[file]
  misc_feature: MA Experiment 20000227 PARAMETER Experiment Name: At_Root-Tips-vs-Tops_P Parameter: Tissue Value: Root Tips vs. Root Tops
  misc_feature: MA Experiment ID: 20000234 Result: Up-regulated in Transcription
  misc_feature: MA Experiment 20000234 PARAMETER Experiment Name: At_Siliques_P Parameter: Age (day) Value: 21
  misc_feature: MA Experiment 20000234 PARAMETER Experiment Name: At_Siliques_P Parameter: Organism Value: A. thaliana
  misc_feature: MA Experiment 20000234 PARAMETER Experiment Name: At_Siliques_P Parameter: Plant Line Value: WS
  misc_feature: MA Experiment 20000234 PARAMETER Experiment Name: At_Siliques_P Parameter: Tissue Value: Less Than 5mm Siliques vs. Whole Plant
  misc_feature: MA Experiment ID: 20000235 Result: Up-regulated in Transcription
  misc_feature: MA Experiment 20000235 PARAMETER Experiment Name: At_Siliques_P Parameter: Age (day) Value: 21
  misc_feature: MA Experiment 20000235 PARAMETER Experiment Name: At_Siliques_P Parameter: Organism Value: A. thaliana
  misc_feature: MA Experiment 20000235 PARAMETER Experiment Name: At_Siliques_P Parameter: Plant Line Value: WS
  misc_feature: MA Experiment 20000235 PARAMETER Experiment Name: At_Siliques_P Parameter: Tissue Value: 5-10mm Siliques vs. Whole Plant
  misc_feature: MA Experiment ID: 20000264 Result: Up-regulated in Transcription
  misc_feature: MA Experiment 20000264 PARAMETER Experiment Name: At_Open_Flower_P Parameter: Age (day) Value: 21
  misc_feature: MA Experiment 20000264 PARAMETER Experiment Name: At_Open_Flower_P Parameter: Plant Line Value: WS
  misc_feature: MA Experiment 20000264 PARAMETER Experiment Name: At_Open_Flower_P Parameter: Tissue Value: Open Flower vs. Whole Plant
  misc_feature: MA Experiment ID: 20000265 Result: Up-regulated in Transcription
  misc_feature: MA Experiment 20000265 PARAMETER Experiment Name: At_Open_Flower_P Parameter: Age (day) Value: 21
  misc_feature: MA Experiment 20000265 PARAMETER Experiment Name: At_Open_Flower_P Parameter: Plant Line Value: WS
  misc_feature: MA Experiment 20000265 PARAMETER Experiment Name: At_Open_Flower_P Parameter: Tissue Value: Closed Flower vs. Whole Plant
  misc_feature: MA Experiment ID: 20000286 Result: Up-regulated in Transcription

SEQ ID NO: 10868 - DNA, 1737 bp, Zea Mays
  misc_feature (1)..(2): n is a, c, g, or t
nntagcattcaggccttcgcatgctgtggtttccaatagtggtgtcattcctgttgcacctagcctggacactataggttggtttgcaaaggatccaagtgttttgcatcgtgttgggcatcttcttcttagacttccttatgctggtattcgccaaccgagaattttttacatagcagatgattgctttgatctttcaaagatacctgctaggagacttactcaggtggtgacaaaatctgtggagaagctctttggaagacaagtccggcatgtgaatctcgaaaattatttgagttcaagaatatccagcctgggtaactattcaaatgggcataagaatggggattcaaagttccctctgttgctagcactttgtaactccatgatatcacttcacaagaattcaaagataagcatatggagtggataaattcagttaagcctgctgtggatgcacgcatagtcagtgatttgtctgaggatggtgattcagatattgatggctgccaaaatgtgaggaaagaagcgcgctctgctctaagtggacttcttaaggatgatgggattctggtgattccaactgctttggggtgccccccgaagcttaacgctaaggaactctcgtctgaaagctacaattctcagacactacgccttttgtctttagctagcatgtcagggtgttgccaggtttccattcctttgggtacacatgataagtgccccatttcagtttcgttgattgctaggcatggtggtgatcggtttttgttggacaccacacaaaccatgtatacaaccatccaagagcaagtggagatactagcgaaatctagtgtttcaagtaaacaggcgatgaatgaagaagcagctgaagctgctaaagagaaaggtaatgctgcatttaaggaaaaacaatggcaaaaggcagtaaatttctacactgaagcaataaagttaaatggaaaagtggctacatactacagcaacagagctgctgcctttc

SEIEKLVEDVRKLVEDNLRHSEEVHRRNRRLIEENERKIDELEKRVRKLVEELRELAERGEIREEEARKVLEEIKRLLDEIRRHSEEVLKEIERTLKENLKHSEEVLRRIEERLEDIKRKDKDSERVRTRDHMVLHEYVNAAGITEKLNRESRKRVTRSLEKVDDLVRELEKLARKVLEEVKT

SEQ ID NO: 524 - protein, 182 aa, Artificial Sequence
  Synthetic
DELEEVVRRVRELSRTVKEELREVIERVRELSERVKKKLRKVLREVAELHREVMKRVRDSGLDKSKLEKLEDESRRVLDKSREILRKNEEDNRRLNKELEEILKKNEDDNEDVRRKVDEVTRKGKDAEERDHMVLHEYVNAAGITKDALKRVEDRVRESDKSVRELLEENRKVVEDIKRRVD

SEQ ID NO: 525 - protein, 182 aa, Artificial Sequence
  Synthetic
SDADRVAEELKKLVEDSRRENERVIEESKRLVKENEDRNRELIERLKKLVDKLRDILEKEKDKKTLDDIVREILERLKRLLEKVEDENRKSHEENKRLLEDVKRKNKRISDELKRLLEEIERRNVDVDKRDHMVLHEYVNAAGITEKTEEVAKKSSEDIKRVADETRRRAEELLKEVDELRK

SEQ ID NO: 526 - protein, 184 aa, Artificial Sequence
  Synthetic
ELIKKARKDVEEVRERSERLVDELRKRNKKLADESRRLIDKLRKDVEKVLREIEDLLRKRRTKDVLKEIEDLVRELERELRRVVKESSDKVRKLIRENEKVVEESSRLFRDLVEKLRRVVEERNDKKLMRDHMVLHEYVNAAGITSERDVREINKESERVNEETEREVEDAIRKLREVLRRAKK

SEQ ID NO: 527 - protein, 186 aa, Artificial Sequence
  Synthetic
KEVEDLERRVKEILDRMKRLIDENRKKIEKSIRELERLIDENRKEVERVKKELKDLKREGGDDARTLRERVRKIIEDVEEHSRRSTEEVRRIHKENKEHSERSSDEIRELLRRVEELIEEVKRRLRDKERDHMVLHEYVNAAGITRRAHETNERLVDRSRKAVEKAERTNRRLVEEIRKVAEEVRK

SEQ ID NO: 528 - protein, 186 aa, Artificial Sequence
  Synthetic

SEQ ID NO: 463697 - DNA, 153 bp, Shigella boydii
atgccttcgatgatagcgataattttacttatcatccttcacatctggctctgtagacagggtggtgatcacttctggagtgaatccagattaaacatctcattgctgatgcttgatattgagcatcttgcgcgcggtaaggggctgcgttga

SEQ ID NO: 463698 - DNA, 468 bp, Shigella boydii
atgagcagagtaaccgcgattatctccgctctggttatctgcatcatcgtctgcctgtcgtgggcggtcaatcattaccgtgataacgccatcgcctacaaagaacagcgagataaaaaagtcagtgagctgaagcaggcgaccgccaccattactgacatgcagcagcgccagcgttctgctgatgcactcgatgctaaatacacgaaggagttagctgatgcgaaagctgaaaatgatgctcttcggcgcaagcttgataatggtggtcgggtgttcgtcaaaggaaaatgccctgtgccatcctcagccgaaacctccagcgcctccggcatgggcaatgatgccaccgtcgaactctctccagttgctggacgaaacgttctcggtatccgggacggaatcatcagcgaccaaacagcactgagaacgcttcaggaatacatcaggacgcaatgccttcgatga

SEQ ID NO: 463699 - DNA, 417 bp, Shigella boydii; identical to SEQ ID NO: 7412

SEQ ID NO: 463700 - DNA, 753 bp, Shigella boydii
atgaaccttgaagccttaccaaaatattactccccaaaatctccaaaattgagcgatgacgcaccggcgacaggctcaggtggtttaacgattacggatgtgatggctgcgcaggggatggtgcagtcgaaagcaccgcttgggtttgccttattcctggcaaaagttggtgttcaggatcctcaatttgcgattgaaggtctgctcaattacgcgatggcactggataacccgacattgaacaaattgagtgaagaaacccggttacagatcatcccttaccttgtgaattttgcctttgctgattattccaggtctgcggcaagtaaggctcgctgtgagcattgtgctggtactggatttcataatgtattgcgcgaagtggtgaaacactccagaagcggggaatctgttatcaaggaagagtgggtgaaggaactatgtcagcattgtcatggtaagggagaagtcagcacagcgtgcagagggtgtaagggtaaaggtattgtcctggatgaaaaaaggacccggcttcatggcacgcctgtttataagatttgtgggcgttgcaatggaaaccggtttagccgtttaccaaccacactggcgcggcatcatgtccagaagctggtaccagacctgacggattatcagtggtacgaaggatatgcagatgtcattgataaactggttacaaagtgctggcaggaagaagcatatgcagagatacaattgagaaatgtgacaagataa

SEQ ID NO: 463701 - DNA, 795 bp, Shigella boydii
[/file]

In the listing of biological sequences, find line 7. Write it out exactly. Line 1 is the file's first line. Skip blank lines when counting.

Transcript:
  misc_feature: MA Experiment ID: 20000235 Result: Up-regulated in Transcription